dtoomey said...

all good ideas - i wish i had read this blog back in my 20's... at least i jumped on that matching 401K band-wagon back then... curious to know how things will end up for those currently in their 20s who have greater access to insightful blogs like this one - vs. increasing consumerism driving the nation's negative savings rate. Hmmm...

Super Saver said...


Looking back to my twenties, I fully agree.

Anonymous said...

Thanks for the great series. I read it very carefully as I AM in my 20's, fell into a GREAT job, and realize there is great financial potential if I make the right choices now.

Everyone says "start young" or "don't make mistakes when you're young" or "i wish i would have... when I was young." But not very many people offer practical advice of what to do WHILE your young, have a great paying job, and need to know what to do with all that disposable cash.

A few points of reaction:
1. House. I bought one. The housing market where I live was far too tempting not to, I couldn't stand living with family a second longer, and I wasn't about to throw away thousands in rent. I think if you're planning on staying with your current job for at least 5 years, and you are in a strong growth area, you can't do any harm purchasing a house. It also helps TREMENDOUSLY at tax time, since I have no dependents to claim on my return.

2. Savings: I currently contribute 6% to the company 401k and my company kicks in an extra 4% (yay for free money), but having non-taxable savings seems VERY attractive. I will definitely look into the ROTH IRA. I hadn't considered IRAs, since I have pretty much maxed my current paycheck out.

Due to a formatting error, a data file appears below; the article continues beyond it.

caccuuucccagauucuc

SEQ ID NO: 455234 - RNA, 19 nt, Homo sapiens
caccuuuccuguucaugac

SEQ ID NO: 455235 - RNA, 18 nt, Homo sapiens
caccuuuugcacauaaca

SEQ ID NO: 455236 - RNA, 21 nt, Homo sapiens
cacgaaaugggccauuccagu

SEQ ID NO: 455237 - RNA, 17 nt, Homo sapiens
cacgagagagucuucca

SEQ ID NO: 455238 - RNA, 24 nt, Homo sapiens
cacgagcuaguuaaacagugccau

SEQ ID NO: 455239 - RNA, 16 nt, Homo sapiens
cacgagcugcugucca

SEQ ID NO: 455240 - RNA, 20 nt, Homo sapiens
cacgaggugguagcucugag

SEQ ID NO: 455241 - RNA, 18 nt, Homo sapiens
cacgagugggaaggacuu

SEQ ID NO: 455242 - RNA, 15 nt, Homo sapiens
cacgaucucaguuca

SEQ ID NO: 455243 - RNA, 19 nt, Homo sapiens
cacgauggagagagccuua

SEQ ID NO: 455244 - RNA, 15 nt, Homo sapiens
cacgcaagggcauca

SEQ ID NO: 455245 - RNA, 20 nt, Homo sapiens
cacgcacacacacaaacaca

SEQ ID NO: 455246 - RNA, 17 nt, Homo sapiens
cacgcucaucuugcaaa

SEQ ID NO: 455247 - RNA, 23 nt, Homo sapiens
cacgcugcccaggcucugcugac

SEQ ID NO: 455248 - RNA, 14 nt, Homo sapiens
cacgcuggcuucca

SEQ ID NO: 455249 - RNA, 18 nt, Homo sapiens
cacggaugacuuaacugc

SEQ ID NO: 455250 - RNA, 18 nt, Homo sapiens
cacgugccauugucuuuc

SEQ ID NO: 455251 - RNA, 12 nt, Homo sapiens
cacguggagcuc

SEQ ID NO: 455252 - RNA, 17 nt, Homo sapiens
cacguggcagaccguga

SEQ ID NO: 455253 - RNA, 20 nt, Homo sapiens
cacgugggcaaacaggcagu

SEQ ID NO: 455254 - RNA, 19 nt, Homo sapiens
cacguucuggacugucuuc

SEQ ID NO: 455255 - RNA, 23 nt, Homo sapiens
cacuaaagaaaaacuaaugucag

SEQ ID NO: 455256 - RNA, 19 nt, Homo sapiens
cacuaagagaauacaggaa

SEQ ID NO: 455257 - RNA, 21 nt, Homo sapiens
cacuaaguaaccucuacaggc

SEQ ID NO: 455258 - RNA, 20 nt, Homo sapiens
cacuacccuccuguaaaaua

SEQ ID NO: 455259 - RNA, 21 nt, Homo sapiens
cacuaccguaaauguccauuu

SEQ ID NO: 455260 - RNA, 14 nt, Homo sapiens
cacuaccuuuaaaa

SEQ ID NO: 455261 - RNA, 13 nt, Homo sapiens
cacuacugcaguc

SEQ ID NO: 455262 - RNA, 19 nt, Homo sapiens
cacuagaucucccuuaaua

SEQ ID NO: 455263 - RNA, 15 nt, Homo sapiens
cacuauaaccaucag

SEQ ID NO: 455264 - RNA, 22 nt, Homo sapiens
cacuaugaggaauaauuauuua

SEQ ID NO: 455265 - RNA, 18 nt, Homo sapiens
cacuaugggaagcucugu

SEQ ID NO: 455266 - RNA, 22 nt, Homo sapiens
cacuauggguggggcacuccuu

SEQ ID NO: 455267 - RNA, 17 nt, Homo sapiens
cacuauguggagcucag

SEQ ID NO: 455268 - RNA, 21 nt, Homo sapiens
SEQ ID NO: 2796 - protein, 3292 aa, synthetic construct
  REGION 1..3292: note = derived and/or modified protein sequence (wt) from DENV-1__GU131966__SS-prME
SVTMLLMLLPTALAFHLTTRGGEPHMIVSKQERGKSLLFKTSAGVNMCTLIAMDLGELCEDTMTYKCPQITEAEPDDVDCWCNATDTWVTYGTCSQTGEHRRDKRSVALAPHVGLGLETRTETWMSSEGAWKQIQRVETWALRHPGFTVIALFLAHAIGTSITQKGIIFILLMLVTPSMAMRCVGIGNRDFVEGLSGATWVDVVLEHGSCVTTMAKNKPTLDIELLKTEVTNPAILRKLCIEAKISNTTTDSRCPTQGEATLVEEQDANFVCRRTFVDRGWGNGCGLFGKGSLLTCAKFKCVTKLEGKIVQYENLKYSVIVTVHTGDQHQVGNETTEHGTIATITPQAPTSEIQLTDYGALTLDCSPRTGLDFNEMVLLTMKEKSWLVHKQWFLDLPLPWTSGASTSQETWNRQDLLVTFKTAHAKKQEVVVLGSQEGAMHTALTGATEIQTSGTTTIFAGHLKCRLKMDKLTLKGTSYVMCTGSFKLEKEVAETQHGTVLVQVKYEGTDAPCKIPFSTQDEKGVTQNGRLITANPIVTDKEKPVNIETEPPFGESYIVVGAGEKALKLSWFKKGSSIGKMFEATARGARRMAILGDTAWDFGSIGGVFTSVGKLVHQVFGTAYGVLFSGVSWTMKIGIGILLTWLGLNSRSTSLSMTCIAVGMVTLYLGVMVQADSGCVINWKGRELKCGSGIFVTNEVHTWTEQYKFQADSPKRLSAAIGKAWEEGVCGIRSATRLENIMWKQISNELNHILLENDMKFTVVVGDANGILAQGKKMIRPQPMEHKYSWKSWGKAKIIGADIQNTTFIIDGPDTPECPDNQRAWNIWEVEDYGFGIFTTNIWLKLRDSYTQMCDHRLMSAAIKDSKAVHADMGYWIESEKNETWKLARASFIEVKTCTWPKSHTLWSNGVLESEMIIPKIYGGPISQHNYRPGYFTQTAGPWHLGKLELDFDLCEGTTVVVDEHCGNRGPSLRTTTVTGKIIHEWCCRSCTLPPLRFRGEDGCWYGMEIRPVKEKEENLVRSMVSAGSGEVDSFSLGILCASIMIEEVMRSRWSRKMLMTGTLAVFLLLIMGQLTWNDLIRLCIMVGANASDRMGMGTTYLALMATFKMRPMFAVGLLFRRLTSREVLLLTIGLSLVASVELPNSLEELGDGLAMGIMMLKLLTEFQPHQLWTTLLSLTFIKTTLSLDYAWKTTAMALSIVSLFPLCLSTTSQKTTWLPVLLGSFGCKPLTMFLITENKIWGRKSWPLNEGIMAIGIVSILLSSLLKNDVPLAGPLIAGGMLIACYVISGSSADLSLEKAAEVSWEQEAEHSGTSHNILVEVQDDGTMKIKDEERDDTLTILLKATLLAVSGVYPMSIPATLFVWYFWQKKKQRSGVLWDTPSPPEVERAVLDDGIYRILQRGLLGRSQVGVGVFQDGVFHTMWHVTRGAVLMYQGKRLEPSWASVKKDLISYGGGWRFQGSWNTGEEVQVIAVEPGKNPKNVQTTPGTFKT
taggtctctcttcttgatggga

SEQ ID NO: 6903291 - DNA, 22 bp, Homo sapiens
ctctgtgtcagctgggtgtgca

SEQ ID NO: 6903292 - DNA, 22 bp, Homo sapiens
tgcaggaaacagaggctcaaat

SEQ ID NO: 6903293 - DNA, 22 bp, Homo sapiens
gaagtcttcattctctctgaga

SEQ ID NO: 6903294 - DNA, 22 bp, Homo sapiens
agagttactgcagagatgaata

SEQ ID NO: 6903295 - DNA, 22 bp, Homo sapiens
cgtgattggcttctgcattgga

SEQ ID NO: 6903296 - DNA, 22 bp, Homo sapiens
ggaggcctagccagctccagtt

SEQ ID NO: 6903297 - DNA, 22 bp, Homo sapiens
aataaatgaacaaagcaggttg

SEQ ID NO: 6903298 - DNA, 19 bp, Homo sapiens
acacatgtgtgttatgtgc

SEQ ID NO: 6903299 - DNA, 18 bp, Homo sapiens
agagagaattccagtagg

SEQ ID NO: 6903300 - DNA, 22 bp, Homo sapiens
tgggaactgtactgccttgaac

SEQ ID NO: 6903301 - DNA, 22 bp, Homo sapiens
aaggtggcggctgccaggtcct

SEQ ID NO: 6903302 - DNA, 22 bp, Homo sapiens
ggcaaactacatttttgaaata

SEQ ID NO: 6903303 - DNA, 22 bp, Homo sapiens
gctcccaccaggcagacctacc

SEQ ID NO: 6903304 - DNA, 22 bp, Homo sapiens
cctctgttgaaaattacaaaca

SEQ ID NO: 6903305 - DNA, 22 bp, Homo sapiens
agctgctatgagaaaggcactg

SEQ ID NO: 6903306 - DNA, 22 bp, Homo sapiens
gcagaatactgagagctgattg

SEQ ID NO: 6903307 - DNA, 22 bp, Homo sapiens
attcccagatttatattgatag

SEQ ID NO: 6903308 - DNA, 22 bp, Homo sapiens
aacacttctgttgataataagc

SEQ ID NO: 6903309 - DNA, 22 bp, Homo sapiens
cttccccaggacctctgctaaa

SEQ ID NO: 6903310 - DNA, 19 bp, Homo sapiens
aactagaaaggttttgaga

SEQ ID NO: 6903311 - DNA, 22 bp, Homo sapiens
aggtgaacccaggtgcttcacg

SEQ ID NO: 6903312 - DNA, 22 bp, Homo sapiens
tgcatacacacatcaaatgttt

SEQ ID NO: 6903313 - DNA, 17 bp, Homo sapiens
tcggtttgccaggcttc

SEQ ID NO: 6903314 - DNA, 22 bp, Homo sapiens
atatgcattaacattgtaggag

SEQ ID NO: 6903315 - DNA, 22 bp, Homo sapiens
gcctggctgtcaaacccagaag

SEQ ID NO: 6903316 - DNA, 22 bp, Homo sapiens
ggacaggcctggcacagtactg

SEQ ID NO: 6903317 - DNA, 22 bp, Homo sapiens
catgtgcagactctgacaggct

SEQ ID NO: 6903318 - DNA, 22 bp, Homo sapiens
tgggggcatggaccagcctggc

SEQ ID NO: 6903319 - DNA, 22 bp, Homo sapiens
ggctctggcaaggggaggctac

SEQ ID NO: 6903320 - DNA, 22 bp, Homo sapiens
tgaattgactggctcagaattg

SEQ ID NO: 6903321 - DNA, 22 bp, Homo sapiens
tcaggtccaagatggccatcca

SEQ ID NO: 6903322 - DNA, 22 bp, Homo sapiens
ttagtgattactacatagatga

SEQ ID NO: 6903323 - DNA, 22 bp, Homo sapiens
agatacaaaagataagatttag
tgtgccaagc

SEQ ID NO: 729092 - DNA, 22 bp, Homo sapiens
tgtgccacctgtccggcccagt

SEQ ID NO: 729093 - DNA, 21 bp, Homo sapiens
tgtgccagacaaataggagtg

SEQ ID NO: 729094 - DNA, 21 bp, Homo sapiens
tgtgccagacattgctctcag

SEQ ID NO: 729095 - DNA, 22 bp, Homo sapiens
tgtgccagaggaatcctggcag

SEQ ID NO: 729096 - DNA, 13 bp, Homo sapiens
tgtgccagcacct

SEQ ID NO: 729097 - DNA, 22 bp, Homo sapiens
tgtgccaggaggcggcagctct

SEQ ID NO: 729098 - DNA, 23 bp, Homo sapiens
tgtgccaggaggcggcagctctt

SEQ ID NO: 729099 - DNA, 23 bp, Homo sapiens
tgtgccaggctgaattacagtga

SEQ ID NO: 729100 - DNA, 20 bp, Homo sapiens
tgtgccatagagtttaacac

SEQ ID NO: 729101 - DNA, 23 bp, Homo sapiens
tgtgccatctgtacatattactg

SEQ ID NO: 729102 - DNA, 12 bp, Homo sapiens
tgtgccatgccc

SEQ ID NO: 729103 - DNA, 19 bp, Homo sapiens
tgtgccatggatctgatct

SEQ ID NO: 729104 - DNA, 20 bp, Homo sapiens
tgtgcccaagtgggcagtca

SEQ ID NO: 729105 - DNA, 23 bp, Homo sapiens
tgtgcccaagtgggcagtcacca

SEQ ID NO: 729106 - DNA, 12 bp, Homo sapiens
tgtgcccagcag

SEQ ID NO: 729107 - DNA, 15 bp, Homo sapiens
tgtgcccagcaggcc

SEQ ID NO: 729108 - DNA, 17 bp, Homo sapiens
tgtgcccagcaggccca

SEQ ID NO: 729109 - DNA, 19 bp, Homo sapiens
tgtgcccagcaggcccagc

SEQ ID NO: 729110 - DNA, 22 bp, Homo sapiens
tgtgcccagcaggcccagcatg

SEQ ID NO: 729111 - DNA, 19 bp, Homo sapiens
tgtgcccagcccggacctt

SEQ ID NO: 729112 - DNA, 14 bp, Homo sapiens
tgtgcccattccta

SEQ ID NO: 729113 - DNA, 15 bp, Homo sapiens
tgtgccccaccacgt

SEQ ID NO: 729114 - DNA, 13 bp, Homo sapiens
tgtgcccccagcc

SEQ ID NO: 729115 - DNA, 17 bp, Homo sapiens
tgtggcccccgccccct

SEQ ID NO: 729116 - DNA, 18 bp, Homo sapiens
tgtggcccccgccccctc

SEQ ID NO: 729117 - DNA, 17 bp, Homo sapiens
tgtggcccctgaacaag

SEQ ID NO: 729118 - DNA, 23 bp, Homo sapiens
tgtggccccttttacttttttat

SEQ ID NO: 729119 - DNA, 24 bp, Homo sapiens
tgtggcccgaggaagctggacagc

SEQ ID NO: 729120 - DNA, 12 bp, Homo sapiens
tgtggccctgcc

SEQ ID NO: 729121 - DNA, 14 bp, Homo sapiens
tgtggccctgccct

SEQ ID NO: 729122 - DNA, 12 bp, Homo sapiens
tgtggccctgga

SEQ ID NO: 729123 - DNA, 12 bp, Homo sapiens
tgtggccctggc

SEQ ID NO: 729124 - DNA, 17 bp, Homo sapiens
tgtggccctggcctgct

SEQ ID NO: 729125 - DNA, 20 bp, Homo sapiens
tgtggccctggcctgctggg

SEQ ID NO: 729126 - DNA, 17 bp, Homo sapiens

3. Stock: I have several thousand shares of options in my company, and have just started participating in the company stock purchase program which allows me to purchase stock every 6 months at 85% of the lowest market value. I am maxed out at 10% of my gross in that program.

4. Charitable donations. This is one you didn't mention that I think you should have. Young people, no matter how poor, should get in the habit of giving back. I give between 10-12% to my church and other charitable organizations. It helps at tax time and it's the right thing to do. If you wait to be "rich enough" give back, you will wait forever.

I wish I could do more... like start a ROTH, or diversify my portfolio, but I'm pretty maxed out. I had to give up my glamorous vacations to start doing the stock purchase program. Now I just go home for the holidays. I have to constantly evaluate my life/money balance, and certain things like gym memberships and cable tv have all met the chopping block.

Also, I really liked your post about investing in yourself/career; spending the extra time and effort while you don't have attachments. I spend my evenings doing work on my own startup company, and while it gets tiring, I'm hoping it will all pay off in financial independence in the future.

Any ideas, feedback, suggestions are welcome...

Online Retirement Gift Ideas said...
This comment has been removed by a blog administrator.
Online Retirement Gift Ideas said...

I am agree with this post...Nice One....

Nannie Laferriere said...

Yes, it’s very possible to retire around your 20s. Starting up a business then would be a great idea, especially since you still have a ways to go. Your skills and talent in managing a business will be sharpened to excellence since you already have experience in the executive world.